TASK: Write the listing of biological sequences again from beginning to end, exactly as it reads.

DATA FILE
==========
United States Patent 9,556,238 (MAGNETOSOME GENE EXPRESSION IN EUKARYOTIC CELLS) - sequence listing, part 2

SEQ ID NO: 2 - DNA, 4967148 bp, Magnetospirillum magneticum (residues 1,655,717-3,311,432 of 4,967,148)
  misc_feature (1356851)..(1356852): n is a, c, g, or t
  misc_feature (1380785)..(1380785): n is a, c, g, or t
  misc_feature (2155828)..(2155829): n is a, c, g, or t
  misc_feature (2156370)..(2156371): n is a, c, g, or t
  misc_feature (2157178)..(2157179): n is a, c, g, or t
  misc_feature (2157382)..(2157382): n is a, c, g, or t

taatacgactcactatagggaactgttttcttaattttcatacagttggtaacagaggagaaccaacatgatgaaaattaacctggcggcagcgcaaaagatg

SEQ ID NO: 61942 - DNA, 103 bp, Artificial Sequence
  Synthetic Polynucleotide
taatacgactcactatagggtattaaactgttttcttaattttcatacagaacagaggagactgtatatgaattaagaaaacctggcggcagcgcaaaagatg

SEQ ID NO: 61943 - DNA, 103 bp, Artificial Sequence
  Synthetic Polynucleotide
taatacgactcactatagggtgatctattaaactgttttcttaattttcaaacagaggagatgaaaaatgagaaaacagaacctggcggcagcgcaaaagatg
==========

United States Patent 9,556,238 (MAGNETOSOME GENE EXPRESSION IN EUKARYOTIC CELLS) - sequence listing, part 2

SEQ ID NO: 2 - DNA, 4967148 bp, Magnetospirillum magneticum (residues 1,655,717-3,311,432 of 4,967,148)
  misc_feature (1356851)..(1356852): n is a, c, g, or t
  misc_feature (1380785)..(1380785): n is a, c, g, or t
  misc_feature (2155828)..(2155829): n is a, c, g, or t
  misc_feature (2156370)..(2156371): n is a, c, g, or t
  misc_feature (2157178)..(2157179): n is a, c, g, or t
  misc_feature (2157382)..(2157382): n is a, c, g, or t

taatacgactcactatagggaactgttttcttaattttcatacagttggtaacagaggagaaccaacatgatgaaaattaacctggcggcagcgcaaaagatg

SEQ ID NO: 61942 - DNA, 103 bp, Artificial Sequence
  Synthetic Polynucleotide
taatacgactcactatagggtattaaactgttttcttaattttcatacagaacagaggagactgtatatgaattaagaaaacctggcggcagcgcaaaagatg

SEQ ID NO: 61943 - DNA, 103 bp, Artificial Sequence
  Synthetic Polynucleotide
taatacgactcactatagggtgatctattaaactgttttcttaattttcaaacagaggagatgaaaaatgagaaaacagaacctggcggcagcgcaaaagatg